Consider Wade Horne a one-man messenger of positivity.
He’s an unlikely one at that, or at least an unexpected one.
For a few hours this week, he stood at the corner of Hargett and South Salisbury streets holding a sign.
“Love Thy Neighbor,” it said in blue letters, large enough to read from across the street.
Drivers honked as they drove by.
“I like your sign,” one woman shouted from her window as she waited for the light to change green.
Horne seemed surprised himself when he explained why he decided rather spontaneously Wednesday morning – one of his days off from work as a baggage handler at Raleigh-Durham International Airport – to make the sign and head outside to see what reaction he might get.
“I just felt like doing it, as strange as that sounds,” said Horne, 35. “You gotta throw some positivity out there.”
He’s been feeling sad about the election, he said, and he confesses that bitterness remains. But he also realizes that to have a productive conversation about solutions, for people to come together after such a contentious election cycle, it’s imperative to be positive. He’s tired of the back-and-forth messages that pit people with differing opinions against each other.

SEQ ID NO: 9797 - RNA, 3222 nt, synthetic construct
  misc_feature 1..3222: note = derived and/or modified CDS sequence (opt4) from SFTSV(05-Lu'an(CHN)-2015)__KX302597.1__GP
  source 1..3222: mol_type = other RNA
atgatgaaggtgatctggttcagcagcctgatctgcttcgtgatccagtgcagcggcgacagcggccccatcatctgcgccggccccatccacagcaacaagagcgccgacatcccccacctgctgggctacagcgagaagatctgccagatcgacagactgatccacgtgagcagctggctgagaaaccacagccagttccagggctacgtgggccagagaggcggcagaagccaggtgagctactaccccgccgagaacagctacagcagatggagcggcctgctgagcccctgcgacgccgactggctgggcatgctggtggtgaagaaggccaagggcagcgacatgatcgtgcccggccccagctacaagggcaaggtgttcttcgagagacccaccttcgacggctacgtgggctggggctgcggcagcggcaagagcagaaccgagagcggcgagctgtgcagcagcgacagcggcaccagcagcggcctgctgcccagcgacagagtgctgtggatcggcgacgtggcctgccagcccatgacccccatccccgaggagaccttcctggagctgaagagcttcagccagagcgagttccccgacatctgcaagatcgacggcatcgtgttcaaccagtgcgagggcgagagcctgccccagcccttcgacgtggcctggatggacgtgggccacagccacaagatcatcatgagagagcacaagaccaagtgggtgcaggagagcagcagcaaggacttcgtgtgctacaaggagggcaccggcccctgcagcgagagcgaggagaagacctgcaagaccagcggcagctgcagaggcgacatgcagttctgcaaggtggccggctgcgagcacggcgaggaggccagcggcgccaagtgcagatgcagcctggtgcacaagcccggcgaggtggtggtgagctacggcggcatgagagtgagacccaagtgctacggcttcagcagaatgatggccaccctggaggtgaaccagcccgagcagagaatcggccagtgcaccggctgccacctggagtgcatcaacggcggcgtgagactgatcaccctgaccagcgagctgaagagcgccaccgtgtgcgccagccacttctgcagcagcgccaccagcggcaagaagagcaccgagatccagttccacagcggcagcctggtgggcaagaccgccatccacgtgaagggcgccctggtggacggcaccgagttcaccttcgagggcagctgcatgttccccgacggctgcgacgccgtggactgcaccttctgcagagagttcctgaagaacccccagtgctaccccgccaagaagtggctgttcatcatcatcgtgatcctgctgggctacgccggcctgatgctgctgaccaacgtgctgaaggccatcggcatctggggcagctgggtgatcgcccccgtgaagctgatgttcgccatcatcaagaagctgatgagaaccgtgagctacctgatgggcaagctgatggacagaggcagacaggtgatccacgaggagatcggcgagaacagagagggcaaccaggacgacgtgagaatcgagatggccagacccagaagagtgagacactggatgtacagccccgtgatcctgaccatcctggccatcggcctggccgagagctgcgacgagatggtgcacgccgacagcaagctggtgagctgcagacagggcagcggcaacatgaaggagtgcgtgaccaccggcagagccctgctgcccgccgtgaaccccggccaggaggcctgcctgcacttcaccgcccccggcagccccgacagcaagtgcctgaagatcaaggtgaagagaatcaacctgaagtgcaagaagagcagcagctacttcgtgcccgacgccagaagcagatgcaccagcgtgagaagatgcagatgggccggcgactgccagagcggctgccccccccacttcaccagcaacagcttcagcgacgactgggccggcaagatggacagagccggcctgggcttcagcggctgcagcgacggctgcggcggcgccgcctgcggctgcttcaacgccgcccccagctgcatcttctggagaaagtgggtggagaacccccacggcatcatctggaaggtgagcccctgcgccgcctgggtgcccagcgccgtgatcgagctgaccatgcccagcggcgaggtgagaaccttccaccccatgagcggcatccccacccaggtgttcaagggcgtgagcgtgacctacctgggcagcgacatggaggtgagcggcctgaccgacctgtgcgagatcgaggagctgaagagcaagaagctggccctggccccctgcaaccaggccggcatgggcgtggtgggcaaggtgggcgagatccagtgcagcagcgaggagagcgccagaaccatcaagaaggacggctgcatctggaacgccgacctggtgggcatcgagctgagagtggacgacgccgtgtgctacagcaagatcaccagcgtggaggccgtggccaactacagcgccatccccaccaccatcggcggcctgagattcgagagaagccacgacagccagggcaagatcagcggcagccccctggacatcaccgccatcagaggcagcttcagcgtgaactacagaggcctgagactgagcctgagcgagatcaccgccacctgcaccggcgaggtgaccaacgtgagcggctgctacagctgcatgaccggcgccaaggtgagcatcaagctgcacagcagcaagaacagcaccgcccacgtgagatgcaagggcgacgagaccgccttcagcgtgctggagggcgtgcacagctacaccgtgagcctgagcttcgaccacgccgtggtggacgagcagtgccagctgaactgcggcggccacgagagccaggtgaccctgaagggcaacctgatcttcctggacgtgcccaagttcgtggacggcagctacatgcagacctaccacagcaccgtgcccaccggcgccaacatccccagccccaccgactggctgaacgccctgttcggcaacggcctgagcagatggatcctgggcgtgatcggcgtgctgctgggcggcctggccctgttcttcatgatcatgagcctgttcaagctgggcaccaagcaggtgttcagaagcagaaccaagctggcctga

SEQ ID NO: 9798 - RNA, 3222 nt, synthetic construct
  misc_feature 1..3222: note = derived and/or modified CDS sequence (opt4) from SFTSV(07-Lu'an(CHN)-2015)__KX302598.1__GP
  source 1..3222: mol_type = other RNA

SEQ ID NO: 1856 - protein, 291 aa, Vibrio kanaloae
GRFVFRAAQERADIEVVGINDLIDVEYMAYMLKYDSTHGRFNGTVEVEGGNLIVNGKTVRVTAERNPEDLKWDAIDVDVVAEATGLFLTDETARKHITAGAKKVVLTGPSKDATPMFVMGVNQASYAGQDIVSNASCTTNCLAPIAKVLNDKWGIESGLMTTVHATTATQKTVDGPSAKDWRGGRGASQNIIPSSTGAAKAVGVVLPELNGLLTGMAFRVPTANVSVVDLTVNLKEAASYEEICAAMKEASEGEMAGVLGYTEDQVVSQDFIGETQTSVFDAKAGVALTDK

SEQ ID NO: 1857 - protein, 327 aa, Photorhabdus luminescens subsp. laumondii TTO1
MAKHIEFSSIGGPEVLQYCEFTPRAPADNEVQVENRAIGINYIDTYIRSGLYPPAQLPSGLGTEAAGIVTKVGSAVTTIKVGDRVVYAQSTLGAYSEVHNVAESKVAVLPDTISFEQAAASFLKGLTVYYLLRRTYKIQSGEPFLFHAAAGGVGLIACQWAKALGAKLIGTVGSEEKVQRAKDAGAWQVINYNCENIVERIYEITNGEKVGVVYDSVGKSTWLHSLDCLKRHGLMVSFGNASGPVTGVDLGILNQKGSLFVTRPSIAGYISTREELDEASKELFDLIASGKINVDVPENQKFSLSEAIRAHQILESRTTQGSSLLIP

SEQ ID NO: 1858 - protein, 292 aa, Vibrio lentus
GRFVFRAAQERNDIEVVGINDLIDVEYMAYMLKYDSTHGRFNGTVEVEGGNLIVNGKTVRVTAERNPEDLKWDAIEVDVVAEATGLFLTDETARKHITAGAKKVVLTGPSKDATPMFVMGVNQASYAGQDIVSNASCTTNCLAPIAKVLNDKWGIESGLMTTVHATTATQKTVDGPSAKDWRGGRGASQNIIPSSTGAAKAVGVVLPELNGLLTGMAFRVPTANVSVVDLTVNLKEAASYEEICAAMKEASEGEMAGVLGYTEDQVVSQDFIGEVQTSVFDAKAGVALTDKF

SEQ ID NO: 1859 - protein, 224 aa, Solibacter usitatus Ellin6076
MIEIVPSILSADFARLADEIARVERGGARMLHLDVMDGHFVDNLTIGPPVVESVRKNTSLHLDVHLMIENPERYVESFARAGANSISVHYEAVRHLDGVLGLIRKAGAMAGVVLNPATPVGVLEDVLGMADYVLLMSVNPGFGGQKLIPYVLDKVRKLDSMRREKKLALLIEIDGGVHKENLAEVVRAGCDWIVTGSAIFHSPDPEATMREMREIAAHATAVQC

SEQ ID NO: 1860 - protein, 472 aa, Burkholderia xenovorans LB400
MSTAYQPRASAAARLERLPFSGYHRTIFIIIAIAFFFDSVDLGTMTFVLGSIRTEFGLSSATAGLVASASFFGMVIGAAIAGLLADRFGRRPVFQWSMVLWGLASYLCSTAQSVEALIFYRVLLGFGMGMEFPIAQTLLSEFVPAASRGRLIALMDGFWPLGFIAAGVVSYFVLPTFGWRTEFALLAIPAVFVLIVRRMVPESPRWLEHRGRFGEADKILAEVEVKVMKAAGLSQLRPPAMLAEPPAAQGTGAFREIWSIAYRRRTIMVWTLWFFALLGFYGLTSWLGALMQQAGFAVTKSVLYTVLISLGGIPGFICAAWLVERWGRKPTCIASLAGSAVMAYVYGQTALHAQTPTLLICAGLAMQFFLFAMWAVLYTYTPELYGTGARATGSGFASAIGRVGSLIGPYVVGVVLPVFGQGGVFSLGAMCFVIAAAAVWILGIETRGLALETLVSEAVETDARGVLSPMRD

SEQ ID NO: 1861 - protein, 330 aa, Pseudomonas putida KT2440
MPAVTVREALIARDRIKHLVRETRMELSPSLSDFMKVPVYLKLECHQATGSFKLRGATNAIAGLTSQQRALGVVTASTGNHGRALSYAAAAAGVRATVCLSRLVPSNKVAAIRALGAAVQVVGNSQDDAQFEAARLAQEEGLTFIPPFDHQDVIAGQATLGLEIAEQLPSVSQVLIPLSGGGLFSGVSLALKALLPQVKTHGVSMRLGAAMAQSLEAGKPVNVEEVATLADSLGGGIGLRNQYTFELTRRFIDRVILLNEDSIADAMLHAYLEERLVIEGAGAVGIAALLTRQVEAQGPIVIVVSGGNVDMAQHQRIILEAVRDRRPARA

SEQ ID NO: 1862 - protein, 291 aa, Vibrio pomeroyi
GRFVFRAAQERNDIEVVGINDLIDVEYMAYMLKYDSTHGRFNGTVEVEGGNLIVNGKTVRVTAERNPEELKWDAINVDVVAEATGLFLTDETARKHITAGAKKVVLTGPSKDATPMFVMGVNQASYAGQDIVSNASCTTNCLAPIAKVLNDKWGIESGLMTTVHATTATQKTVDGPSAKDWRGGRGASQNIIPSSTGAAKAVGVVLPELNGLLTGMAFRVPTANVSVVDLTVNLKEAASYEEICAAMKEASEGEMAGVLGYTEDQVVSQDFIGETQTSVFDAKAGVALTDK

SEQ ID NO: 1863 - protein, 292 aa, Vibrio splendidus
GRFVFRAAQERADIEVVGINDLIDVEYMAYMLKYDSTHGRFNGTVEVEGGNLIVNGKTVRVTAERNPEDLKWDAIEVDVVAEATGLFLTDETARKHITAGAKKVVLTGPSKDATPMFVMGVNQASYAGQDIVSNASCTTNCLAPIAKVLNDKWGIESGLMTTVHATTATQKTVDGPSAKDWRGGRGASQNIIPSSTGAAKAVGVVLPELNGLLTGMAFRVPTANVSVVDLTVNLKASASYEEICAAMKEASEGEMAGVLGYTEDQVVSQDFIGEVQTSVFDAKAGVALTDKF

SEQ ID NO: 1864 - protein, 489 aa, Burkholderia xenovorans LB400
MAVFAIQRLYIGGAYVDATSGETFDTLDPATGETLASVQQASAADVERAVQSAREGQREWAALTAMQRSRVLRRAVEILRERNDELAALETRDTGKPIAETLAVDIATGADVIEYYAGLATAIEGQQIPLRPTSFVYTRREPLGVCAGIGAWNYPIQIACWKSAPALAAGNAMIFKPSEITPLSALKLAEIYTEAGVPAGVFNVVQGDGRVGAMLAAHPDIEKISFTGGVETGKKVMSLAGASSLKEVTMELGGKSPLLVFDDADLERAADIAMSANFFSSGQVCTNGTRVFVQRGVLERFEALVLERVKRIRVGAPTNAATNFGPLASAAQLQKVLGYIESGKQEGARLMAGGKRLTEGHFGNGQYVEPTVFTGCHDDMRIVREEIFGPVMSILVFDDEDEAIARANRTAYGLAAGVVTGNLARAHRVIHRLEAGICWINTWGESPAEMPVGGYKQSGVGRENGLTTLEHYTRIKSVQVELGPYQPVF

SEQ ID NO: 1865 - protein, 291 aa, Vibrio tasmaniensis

“You can’t have a dialogue if everybody is at each other’s throats,” he said. “You need to realize that we can’t build anything without coming together first, and then we can have a discourse.”
On Wednesday, heading downtown on an unseasonably warm January day seemed like the right thing to do.
“This is my way of coping with it,” he said, referring to his lingering negative feelings.
But he said people need to know that others care for them, and that they’re not trying to put each other down.
After being outside for just an hour or so, he already felt like he was making a difference. He figured he’d stick around his corner until his parking meter ran out.
People “actually have a lot of common ground,” he said. “They just have different viewpoints.”
Jessica Banov: 919-829-4831; @jessicabanov